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Sleddale Hall, Todcrags, Ulthwaite Rigg, Wasdale Pike, Cumbria.
[ 17.9 km] Wed 28 Mar 2012

NY 5546 1141
With a continuing spell of warm sunny weather I was looking forward to a dry walk. I started from the car park at Wet Sleddale Reservoir and was pleasantly surprised to see that United Utilities, the owners, hadn’t yet put up a ‘pay and display’ machine. Because of a clear night sky it was still cold when I set off but soon warmed up. I followed the access road back to Cooper’s Green farm, having a quick look at the meteorological weather station in the way, and crossed Sleddale Beck by the wooden footbridge.


Sleddale Beck footbridge

I was back on the road and stopped to take a photo of the red post box. It’s fairly unique as the top section has the initials V R for Victoria Reigns.


Victoria Reigns

As I approached Sleddale Grange a couple of builders vans passed me. Further along the track I noticed that they’d driven to Sleddale Hall and work had now started on its refurbishment. I took the steep path up by the wall to where the builders were at work in the sunshine.


Wet Sleddale Reservoir

I stepped over the fence to have a work with them and was delighted to be allowed inside the building to see what was going on.


Sleddale Hall

The builder seemed quite proud of the work they’d done and was keen to chat about some problems with accommodating sloping floors etc. I felt I was delaying their work so continued on my way up the track towards Mosedale. Once at the higher level I was able to see the profile of Great Yarlside, which is where I was heading.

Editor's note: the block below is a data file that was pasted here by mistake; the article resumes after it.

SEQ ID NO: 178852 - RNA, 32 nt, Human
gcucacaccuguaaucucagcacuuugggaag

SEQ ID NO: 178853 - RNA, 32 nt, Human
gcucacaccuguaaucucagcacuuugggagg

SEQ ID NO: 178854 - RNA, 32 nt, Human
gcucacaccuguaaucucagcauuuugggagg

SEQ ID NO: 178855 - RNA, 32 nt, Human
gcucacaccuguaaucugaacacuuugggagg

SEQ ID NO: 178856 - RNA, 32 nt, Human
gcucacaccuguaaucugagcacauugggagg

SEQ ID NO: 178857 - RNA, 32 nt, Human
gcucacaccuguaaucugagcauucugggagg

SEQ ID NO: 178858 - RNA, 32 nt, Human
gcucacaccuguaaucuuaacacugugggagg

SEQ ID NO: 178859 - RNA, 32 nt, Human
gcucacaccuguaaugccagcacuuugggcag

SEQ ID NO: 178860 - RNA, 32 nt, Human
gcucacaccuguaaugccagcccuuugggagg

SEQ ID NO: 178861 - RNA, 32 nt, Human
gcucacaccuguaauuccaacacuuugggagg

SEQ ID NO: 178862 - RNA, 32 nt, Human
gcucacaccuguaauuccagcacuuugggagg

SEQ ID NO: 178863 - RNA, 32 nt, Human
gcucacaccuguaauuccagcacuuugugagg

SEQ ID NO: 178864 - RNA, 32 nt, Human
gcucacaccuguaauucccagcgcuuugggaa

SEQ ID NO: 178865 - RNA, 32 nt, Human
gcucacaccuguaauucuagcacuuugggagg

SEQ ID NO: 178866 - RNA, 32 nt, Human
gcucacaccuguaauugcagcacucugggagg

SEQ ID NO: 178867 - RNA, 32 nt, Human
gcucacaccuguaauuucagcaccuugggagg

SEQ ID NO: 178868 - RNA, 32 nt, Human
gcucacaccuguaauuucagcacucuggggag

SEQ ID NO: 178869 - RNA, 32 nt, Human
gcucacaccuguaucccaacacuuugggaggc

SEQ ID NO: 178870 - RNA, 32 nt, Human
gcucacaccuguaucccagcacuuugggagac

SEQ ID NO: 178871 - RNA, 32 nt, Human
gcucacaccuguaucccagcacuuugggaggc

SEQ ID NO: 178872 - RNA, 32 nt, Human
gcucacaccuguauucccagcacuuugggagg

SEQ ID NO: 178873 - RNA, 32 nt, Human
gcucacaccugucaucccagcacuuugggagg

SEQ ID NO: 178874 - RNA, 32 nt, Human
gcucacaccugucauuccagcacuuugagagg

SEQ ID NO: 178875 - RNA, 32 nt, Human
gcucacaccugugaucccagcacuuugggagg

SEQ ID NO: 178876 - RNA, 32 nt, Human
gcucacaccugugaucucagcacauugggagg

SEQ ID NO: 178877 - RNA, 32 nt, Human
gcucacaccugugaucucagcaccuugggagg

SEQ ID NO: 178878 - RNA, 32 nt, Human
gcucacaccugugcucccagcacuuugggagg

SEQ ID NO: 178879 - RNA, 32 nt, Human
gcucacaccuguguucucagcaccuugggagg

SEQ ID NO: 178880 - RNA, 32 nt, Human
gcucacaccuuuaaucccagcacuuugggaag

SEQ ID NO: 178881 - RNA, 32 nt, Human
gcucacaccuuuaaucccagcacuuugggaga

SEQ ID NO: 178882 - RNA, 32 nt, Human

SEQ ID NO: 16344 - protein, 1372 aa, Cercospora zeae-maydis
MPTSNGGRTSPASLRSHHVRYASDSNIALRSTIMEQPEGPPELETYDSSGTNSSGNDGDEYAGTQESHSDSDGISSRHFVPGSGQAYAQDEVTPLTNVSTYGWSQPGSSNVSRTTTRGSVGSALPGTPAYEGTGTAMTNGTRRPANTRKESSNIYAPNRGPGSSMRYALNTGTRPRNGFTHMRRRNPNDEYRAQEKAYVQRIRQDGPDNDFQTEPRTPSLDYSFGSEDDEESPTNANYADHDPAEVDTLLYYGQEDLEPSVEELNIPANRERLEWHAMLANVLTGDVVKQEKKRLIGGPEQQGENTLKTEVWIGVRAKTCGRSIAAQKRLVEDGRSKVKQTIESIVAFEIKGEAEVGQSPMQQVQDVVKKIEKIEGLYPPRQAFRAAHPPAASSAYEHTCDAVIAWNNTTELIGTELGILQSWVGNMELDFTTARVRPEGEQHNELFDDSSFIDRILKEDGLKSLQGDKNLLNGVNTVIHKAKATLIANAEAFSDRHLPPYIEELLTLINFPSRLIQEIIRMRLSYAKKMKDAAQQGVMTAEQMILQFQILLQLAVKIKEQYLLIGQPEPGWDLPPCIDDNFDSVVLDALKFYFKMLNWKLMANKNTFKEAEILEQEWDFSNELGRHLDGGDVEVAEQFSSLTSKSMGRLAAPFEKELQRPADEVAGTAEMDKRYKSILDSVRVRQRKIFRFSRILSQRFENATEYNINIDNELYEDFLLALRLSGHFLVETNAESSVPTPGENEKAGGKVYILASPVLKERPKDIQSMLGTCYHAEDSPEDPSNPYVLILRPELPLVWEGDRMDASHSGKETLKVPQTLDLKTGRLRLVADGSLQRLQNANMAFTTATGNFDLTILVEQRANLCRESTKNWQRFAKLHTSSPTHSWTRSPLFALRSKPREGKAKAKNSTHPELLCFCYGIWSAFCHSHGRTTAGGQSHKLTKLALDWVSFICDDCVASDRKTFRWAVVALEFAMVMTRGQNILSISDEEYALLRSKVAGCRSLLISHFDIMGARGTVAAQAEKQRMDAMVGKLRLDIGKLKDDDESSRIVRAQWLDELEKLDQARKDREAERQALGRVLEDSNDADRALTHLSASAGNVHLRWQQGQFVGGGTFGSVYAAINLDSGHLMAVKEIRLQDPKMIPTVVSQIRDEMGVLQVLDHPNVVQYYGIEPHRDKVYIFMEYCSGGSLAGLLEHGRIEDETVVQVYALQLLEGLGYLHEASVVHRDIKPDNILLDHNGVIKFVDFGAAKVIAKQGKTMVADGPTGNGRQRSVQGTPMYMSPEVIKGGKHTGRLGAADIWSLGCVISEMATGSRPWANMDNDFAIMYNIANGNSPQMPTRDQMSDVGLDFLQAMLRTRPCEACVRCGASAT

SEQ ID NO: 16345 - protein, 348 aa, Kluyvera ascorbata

Sleddale Hall - inside the old kitchen

I left the track to cross a beck to reach Todcrasgs. It was pleasant spot with rocky outcrops but the warm weather had made distant views rather hazy. My next objective was Ulthwaite Rigg and I had to cross some rough land to get there. All that marks the summit is a tiny cairn of about 4 or 5 rocks. Then I continued south across even worse ground which must be terrible in wet conditions. It was lumpy with large areas of bog. I was glad to complete the final climb and reach the ridge that connects Harrop Pike with Great Yarlside. The path is pleasant and follows the fence line until a wall begins at Great Yarlside. The wall heads to the right and my way was along a fence to the left. The firm track continued through a gate and on to a series of rocky outcrops.


Hazy SE view from Great Yarlside

I’ve not seen anybody on these fells in the past and was surprised to see a couple of walker as I reached Wasdale Pike. They’d sat down for a rest while I continued to my next objective. I was heading for a boulder called ‘To Stone or to'ther’ on the map.

There is some debate about the naming of this stone.
In Wainwright’s book ‘Outlying Fells of Lakeland’ he says the following.
Resting on a plinth of pink granite, rejoining in the name (according to the Ordnance Survey) of TO STONE OR TO’THER, which doesn’t make sense in the local dialect. One wonders whether the surveyor heard his informant alright – ‘ONE SONE ON T’OTHER’ or ‘TOP STONE ON T’OTHER’ would be appropriate and understandable.
The 1940s map names the feature as 'Rocking Stone'
 


‘To Stone or to'ther’

Looking towards Shap from the ‘Gray Bull’ boulder.

The trail however wasn’t taking me in the right direction so I had to head off across wet boggy ground again. Eventually I reached the fence line and follows it down to where the boulder sits on a flat rock on the far side of the fence. After a couple of snaps I crossed back over the fence and headed off towards another boulder called ‘Gray Bull’. It soon appeared on the horizon, standing out quite prominently. Although much larger than ‘To Stone or to'ther’ it didn’t have the same appeal. I descended NE bay Howe Gill where a line of shooting boxes started to appear. Then round the bend I saw the wooden hut called ‘Lunch House’ on the map. It was securely locked so I wasn’t able to investigate the interior. Thankfully I didn’t have to struggle across rough and wet ground as I was now descending on the hut’s access track. Through a gate the branch to the reservoir wasn’t as clear as the map suggests and the first part was negotiated using my GPS. The faint ling of the track was visible in places but it was far from obvious. The final stretch was an easy descent across a grassy field then I was back at the car park.


The Lunch House